Finally, and nearly a half-hour later, McCoy wrapped up his quartet of messages by declaring as follows: “Training camp, 2017-2018 season…………… LETS GO!! Now it’s really time to go!! No more talking or tweeting.”

Tom Jones of the Tampa Bay Times has tried to make sense of the various messages, and the reason(s) for them. Jones also suggests that there could be a link between McCoy’s comments and the looming launch of Hard Knocks.

Whatever the reason, it definitely adds a layer of flavor to Hard Knocks. If the Buccaneers decide to embrace the subplot and not leave it on the cutting room floor.

Ultimately, McCoy’s complaints may not matter for 2017, unless the Buccaneers can find a trade partner. His $13.25 million salary for the coming season is nearly fully guaranteed. Absent a trade, he’s not going anywhere until 2018, at the earliest.

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Cowboys cut Lucky Whitehead, whose agent says wasn’t in Va. at time of supposed arrest

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The Cowboys cut Lucky Whitehead, even though the receiver’s agent said Whitehead wasn’t in Virginia at the time of his supposed arrest.

Whitehead’s agent, Dave Rich, showed NFL Network’s Ian Rapoport flight records that have Whitehead flying to Dulles at 7:20 a.m. on June 22, six hours after Whitehead supposedly was arrested in Prince William County, Va.

Whitehead was accused of taking less than $200 worth of items from a convenience store.

On July 6, Whitehead failed to show for an appearance related to the June 22 arrest, and a warrant was issued for his arrest.

The court date has been rescheduled for Aug. 10.

As Whitehead was escorted off the practice field Monday by a member of the team’s public relations staff, Whitehead told reporters he didn’t know what they were talking about.

I didn’t even know about that,” Whitehead said, via Brandon George of the Dallas Morning News. “I don’t know what’s going on.”

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Antonio Brown has another message for Le’Veon Bell

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The Steelers don’t need to spend much time trying to persuade running back Le’Veon Bell to sign his franchise tender. Receiver Antonio Brown is doing the heavy lifting for them.

After public comments that followed a private conversation that created the clear impression that Brown wants Bell to accept the pending $12.1 million offer and to be “committed to the cause,” Brown has taken to Twitter with a “let’s go”-style plea for the teammate Brown wants to see at training camp.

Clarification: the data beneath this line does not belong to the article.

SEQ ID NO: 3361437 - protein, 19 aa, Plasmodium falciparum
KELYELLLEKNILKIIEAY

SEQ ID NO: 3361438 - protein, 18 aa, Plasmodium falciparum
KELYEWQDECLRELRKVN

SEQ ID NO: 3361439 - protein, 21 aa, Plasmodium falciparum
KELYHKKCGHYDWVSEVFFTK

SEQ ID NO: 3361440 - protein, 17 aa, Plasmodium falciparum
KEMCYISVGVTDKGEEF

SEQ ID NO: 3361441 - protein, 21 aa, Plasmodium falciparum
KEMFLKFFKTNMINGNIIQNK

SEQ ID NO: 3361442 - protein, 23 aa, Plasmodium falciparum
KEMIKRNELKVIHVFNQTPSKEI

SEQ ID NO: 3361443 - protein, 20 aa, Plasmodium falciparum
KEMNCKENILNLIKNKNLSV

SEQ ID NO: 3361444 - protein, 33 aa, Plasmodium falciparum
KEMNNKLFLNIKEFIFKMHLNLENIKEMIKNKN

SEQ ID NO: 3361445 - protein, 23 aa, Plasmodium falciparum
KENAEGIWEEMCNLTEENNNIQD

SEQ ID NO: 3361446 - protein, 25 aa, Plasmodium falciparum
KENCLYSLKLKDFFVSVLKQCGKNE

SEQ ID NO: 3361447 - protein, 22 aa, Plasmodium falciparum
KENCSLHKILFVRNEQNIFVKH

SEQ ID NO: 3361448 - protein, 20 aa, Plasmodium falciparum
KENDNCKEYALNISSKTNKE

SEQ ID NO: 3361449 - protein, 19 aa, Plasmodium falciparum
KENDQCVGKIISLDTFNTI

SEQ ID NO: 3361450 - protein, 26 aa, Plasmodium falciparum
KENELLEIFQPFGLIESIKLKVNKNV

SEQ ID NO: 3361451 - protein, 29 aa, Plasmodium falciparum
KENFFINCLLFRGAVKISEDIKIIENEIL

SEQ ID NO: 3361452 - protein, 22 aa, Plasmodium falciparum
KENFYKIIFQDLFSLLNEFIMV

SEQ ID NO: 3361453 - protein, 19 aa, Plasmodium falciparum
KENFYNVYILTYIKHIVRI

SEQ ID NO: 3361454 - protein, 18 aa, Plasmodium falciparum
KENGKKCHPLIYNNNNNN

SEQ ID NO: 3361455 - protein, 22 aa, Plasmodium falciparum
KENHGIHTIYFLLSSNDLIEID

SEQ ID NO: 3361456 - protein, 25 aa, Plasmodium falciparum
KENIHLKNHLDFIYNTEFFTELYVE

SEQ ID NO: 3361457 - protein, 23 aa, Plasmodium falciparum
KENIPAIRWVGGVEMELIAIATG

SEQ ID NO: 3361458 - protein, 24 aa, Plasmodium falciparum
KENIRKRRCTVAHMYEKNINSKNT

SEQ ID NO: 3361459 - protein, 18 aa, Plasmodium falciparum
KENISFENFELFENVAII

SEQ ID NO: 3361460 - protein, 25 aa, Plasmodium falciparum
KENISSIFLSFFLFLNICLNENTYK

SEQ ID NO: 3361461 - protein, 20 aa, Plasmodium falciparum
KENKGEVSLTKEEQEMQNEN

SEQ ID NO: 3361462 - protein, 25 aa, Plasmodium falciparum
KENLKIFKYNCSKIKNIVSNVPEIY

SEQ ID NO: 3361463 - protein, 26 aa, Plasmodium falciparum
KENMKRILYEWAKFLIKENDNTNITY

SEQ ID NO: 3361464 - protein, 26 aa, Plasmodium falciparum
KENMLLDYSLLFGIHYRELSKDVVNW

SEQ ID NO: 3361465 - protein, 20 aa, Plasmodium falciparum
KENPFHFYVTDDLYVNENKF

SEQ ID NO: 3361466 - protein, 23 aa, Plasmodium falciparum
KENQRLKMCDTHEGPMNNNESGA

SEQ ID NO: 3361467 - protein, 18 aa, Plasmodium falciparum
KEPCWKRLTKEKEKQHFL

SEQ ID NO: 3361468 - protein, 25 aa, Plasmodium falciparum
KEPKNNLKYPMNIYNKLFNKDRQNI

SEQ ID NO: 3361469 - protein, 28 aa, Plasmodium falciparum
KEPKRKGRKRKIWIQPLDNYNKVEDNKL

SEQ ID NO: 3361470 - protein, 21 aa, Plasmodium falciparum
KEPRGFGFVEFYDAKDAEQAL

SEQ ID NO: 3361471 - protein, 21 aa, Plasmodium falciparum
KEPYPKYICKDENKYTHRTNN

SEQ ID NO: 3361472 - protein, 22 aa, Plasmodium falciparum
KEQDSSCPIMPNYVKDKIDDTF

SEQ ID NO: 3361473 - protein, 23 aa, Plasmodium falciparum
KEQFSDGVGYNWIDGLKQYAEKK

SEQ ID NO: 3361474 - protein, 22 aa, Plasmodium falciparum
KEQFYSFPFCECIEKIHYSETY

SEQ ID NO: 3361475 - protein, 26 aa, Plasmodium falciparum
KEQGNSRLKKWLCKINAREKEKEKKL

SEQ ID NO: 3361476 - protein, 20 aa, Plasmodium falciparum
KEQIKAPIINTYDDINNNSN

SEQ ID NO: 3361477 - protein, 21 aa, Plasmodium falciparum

The fact that Brown feels compelled to lobby Bell to show up confirms that a holdout is indeed possible. But Brown would be wise to tread lightly here.

The window on a long-term deal for Bell closed last Monday. Unless the Steelers plan to offer Bell more than $12.1 million for 2017 or to promise not to use the franchise tag again in 2018, there’s nothing more the Steelers can do to get him signed. Which means that Brown’s plea, absent a similar message to management aimed at getting them to sweeten the one-year pot, could be interpreted by Bell as an effort to pressure him to accept a franchise tender that, to date, he has decided to reject.

Brown has now gotten a pair of multi-year deals without ever having to play out a contract or operate under the franchise tag. Bell has yet to get any kind of long-term security. Whatever Bell’s plan for enhancing his financial position, Brown’s effort to get Bell to take the offer squeezes him to alter his approach. Perhaps more importantly, Brown’s well-intentioned exercise in teamwork could turn fans already inclined to embrace rookie James Conner against Bell.

So if Brown is going to continue to try to get Bell to show up, at some point he needs to publicly urge the people who have paid Brown millions to offer Brown another $3 million or so more for 2017.

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Patriots place Dont’a Hightower, Alan Branch on PUP

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The Patriots placed linebacker Dont’a Hightower and defensive tackle Alan Branch on the physically unable to perform list.

Hightower missed the offseason program with an undisclosed injury. He missed three games last season with injuries and played only one full, 16-game season in his first five seasons.

The Patriots, though, signed Hightower to a four-year extension with more than $17 million guaranteed in the offseason.

Branch did not attend the team’s voluntary offseason program. He returned for the mandatory minicamp last month, but the Patriots held him out of practice.

Branch, 32, signed a two-year deal this offseason that included $3 million in guaranteed money.

The Patriots also placed offensive tackle Andrew Jelks on the non-football injury list.

New England can remove Hightower, Branch and Jelks from the lists at any time.

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Saints bring back Michael Mauti, place four on PUP list

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Linebacker Michael Mauti’s 2016 season with the Saints ended early when he had surgery to treat ulcerative colitis, which he said was the best move for his long-term health and would not stop him from playing in 2017.

Mauti’s attempt to continue his career will come with the Saints. Mauti shared a picture of his contract signing with the team on social media Monday.